Essay Example on Personality Disorders: Challenging the 21st Century Diagnosis

Paper Type:  Essay
Pages:  6
Wordcount:  1516 Words
Date:  2023-01-29


In contemporary society, people assume different personalities, which are typically shaped by societal values, surrounding environment, or learning. Different cultures have specific criteria for identifying deviant personality traits, which are either classified as behavioral or mental disorders (Tyrer, Reed, & Crawford, 2015). Traditionally, many individuals were misdiagnosed due to bias in the identification of alien personalities. However, in the twenty-first century, the Diagnostic and Statistical Manual of Mental Disorders V (DCM - 5) provides standard diagnostic criteria of assessing and classifying mental disorders (Tyrer et al., 2015).

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The American Psycho movie, which is an adaptation of a 1991 novel under the same title, is an excellent manifestation of antisocial, narcissistic, and borderline personality disorders. The protagonist Patrick Bateman suffers from the above three disorders, which are classified in the DSM -5 manual. His character and social behavior meet the criteria of the three personality disorders. For instance, he enjoys murdering his friends for fun despite having a successful Wall Street career. Noticeably, various psychological approaches such as the psychoanalytic, cognitive, and psychopathy can be used to explain Bateman's mental state. Because of the protagonist's behavior and habits, such as murdering without feeling guilty and maintaining a standard social image, he can be classified as having antisocial, narcissistic, and borderline mental disorders.

Psychological Theories

Three psychological theories can be used to explain the behavior and personality of the film's protagonist. The psychoanalytic approach focuses on how the ego, id, and superego interact to generate an individual's personality(Tyrer et al., 2015). In this case, the id comprises of primal and basic instincts that demand to be satisfied regardless of whether an individual uses violence or not (Tyrer et al., 2015). The superego manifests societal morals and obligates individuals to follow irrespective of whether they are unrealistic. The ego serves as a moderator of the demands to allow the development of realistic behavior that follows the rules and satisfies urges (Tyrer et al., 2015). In this case, Bateman has a nonexistent or weak ego that makes him unable to differentiate reality and fantasy.

Bateman can be perceived to be at the self-actualization level concerning the Maslow hierarchy of needs. In the film, Bateman has already met all other levels of the Maslow hierarchy such as primary and security needs. Therefore, the protagonist has only the desire to satisfy self-actualization, which is the last level of the needs pyramid (Tyrer et al., 2015). Notably, self-actualization is not restricted by positive traits and comprises an individual's desire for self-fulfillment. In this case, Bateman pursued murder as a means to satisfy his actualization needs. On the other hand, the cognitive approach reveals that the protagonist may have missed a specific mental development stage, which made it challenging him to distinguish well from wrong (Tyrer et al., 2015).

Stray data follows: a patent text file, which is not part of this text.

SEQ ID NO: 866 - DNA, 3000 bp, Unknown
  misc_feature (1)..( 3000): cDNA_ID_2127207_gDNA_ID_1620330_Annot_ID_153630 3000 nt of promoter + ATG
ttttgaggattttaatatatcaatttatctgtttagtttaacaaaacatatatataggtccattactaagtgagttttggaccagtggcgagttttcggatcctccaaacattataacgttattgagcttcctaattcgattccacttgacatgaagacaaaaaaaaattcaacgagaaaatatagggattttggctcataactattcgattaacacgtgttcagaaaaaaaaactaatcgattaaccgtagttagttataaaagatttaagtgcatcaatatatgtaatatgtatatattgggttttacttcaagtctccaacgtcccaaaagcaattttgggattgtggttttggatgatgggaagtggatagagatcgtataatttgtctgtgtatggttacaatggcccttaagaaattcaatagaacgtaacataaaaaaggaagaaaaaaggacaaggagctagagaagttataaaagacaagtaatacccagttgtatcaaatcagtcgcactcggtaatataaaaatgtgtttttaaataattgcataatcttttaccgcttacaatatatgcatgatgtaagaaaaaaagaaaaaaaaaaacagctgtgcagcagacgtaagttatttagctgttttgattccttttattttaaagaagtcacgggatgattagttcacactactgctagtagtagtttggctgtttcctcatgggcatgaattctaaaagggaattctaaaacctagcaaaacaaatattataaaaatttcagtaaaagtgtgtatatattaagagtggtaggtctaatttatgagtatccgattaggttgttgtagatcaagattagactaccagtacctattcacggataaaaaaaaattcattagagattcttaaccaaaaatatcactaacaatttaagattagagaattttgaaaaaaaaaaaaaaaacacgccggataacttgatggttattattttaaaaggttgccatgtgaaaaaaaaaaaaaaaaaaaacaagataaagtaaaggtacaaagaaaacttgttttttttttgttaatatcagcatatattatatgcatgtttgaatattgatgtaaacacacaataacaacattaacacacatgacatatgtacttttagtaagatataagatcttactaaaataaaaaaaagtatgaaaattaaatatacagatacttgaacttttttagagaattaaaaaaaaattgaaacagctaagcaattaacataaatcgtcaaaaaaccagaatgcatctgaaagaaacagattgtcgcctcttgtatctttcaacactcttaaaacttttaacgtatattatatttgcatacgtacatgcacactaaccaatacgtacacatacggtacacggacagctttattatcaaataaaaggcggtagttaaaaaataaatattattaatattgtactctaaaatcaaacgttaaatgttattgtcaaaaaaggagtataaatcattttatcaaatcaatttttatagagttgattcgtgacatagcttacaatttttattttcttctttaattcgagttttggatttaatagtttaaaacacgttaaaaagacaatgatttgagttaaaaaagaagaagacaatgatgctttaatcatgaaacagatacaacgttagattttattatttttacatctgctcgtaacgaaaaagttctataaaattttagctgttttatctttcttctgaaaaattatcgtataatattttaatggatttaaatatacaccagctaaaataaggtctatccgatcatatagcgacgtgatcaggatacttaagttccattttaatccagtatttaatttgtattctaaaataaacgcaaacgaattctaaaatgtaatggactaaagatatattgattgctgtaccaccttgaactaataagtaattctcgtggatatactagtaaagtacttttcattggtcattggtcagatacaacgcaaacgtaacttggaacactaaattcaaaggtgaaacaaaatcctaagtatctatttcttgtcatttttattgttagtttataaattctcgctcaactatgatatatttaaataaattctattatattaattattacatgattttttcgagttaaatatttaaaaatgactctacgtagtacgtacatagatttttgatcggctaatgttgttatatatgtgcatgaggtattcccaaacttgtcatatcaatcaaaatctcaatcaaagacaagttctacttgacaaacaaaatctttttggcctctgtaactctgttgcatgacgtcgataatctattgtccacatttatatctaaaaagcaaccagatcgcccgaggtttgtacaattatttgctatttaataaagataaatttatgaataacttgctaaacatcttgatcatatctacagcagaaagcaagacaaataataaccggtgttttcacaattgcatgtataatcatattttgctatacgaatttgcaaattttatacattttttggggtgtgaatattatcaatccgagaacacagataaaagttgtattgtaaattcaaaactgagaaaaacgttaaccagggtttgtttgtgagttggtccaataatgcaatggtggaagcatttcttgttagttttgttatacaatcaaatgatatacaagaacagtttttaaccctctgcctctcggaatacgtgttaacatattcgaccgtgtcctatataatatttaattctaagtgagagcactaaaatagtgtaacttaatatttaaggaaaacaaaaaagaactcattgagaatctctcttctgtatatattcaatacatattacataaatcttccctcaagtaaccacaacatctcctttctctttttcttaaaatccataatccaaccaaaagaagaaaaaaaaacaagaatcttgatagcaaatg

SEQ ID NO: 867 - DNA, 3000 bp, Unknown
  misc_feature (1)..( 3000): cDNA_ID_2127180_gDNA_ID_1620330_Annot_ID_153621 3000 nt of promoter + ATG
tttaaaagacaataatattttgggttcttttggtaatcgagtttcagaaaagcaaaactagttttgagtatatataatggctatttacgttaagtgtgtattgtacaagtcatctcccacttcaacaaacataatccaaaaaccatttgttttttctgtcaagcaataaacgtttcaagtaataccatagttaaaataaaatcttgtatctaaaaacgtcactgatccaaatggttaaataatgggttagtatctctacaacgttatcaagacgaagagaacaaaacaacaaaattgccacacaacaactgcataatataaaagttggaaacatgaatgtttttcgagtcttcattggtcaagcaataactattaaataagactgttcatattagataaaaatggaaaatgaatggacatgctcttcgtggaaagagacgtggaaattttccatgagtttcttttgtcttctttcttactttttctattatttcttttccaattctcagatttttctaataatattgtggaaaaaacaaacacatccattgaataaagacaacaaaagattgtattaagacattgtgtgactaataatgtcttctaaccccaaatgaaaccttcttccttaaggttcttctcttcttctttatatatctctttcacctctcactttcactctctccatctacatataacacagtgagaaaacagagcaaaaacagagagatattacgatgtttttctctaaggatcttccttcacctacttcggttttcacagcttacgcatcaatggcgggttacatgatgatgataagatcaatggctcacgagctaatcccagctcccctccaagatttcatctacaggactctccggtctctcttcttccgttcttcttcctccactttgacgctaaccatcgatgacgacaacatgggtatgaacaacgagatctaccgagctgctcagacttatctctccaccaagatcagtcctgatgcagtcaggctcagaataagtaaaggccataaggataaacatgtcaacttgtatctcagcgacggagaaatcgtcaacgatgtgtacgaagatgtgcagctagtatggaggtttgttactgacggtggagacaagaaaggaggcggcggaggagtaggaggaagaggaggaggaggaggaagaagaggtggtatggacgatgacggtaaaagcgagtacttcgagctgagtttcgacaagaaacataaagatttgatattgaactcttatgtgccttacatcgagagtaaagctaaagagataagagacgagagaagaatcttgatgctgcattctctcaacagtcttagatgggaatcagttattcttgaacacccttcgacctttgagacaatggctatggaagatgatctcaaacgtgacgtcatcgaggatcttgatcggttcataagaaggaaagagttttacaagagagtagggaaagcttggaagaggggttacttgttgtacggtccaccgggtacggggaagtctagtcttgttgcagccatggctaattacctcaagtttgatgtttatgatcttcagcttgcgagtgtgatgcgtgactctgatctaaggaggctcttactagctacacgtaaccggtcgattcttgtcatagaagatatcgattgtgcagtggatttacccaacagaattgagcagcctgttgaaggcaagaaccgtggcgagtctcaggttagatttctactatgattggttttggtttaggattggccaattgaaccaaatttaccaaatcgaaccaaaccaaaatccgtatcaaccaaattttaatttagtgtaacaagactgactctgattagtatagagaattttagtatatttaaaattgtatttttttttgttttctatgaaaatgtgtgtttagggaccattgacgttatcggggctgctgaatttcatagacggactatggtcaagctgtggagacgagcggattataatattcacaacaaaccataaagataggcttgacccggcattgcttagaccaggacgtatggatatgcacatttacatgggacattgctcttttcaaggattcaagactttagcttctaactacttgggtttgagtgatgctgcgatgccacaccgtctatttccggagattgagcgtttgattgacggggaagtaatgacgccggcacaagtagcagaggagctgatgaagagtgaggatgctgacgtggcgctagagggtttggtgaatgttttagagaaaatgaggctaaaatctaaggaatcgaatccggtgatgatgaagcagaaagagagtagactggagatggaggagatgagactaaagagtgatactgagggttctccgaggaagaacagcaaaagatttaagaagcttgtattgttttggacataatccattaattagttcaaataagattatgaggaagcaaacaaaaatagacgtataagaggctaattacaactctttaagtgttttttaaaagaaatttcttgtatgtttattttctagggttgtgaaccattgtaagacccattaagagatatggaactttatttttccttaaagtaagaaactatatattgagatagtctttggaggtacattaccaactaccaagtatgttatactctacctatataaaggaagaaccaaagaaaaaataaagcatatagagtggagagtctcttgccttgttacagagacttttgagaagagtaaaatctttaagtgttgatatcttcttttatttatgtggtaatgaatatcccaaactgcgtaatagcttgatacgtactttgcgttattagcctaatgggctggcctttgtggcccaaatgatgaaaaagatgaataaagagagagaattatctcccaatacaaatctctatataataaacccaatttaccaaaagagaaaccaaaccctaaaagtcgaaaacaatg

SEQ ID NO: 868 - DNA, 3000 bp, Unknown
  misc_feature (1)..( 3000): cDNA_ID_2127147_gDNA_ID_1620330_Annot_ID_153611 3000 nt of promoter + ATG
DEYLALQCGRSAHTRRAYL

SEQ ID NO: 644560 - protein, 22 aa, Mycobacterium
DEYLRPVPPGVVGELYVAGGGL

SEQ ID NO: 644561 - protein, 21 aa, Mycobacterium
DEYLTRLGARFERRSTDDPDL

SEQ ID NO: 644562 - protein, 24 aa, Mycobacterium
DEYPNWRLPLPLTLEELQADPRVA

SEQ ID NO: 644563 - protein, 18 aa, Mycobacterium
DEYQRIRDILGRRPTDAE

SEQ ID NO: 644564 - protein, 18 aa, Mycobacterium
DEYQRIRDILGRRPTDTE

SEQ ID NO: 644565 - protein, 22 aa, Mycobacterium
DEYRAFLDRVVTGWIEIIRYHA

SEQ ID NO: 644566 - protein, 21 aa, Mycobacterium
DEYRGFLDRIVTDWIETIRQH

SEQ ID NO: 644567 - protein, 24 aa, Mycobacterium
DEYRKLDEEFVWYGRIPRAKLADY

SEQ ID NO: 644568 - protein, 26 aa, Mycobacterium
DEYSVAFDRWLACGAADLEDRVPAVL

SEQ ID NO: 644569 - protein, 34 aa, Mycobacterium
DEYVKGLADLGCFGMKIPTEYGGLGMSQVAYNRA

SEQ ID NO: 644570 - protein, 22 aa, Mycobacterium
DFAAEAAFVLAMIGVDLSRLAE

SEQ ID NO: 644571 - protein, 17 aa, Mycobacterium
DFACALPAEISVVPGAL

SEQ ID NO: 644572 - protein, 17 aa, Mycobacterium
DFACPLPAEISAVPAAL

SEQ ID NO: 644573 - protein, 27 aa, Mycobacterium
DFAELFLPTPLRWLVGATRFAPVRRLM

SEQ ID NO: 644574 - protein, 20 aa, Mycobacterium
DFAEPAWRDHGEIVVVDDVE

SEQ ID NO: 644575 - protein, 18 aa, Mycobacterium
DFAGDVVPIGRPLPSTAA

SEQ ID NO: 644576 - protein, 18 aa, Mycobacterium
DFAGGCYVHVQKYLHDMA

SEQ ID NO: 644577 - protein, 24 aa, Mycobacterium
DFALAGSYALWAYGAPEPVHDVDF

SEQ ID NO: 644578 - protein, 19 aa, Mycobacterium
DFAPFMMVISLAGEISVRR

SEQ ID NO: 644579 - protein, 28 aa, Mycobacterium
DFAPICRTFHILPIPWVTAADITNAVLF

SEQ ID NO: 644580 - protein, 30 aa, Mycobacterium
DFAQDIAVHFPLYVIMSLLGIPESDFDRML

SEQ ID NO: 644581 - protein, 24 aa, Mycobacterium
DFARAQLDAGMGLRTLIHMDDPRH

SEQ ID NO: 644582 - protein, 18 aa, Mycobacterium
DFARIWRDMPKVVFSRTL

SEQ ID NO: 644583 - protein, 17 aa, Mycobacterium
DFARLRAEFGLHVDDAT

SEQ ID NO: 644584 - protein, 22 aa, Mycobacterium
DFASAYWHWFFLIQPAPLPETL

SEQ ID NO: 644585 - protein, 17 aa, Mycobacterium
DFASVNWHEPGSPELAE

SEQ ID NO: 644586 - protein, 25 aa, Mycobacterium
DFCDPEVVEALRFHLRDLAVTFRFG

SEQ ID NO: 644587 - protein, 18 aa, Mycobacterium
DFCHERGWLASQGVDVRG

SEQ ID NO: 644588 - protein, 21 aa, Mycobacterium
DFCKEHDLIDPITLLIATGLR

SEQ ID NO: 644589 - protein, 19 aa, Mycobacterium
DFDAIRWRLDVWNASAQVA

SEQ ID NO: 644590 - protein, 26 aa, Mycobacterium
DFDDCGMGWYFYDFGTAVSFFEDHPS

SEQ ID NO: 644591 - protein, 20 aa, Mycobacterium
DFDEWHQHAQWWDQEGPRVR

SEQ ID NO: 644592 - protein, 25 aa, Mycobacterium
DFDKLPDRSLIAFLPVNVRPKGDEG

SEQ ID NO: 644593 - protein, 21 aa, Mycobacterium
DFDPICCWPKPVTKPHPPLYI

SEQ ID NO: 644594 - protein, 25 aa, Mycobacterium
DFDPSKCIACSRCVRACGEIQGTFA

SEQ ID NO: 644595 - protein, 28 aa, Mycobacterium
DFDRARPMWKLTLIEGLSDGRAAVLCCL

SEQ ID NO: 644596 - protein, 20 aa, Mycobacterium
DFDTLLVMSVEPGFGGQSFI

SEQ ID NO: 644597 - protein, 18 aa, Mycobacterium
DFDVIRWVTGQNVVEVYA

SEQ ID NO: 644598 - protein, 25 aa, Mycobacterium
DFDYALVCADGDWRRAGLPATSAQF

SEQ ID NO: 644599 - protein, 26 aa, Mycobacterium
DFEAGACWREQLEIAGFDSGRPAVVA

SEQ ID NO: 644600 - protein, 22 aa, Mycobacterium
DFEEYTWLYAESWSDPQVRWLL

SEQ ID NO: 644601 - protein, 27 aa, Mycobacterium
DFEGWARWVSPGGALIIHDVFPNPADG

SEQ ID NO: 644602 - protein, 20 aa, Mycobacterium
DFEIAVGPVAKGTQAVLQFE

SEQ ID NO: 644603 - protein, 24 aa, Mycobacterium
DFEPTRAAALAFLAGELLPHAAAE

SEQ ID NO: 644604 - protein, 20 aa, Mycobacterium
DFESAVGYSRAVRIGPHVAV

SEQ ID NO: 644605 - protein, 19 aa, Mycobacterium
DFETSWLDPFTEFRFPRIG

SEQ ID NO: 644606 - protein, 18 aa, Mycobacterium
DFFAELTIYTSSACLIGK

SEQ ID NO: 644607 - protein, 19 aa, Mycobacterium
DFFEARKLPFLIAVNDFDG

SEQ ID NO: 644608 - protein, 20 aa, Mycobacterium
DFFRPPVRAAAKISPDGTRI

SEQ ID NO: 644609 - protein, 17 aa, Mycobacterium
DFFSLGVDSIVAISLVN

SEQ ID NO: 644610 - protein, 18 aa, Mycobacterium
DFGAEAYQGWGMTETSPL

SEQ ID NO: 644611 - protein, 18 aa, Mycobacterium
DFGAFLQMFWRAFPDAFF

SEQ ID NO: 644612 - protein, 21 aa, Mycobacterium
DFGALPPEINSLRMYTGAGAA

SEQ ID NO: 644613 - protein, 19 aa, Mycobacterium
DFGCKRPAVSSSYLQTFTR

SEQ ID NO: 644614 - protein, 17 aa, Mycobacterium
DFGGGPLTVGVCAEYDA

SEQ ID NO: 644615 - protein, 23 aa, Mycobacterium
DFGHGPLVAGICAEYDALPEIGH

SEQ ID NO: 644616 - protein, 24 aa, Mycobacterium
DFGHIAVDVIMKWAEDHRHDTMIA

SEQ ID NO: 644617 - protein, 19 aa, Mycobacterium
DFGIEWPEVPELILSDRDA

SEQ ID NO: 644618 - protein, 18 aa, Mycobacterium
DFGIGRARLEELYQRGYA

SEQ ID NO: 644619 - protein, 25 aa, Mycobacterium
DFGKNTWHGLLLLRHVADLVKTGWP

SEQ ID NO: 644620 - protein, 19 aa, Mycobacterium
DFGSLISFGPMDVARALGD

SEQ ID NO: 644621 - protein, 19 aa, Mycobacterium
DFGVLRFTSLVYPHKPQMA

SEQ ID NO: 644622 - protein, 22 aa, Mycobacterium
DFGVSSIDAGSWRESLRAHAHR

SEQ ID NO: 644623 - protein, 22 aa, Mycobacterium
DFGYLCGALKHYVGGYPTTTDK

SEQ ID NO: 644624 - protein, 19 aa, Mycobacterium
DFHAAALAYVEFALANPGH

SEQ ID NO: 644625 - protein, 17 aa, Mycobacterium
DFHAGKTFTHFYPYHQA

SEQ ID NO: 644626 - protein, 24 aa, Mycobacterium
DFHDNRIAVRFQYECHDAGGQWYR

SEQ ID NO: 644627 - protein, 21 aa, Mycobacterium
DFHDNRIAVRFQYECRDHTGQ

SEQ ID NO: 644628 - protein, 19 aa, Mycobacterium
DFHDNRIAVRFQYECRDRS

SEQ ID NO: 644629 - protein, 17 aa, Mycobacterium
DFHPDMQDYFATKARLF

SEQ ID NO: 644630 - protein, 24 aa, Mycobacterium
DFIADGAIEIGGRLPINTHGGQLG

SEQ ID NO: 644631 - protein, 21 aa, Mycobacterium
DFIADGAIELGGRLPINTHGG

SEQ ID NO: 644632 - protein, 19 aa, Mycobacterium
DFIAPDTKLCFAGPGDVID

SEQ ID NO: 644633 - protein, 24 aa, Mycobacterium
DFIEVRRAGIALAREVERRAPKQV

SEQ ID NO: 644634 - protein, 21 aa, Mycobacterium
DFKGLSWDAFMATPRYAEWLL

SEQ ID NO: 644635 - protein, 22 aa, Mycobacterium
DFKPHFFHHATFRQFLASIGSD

Noticeably, Patrick Bateman's borderline personality disorder is revealed through various instances in the film. Firstly, he shows a pattern of unstable relationships throughout the movie. According to Cristea et al., (2017), an individual with a series if unstable family or intimate relationship meets the criteria of borderline personality disorder as stipulated by the DSM - 5. In this case, Bateman is portrayed as having two failed close contacts in the film. He is involved in two relationships that are characterized by mistrust and instability. For instance, he belittles her fiancee because he thinks he is more critical in the relationship and should be loved and admired, while he perceives others as lucky to have him. Therefore, he sleeps with his partner to satisfy his sexual desires as opposed to being in love.

Secondly, Bateman has an unstable identity in such a way that he acknowledges that he is not himself. For instance, early in the movie, when Bateman is grooming himself, he admits that he feels that there is an obstruction to the real self in such a way that he only exists as an idea. In this case, he satisfies the DSM -5 BDP criteria by having distorted opinion or thoughts about self. Cristea et al. (2017) note that the condition affects people's moods and values since they are not aware of their real personality. The phenomena could have contributed to the variation concerning how people perceived him and his authentic self, which he kept hidden from others. For example, his colleagues view him as successful, hardworking, and social, which utterly opposite from his secret life of homicide. He murders his boss and fakes his London trip, but no one suspects him; instead, he is asked to help in the investigation. Unstable self-image causes people to have two different personalities.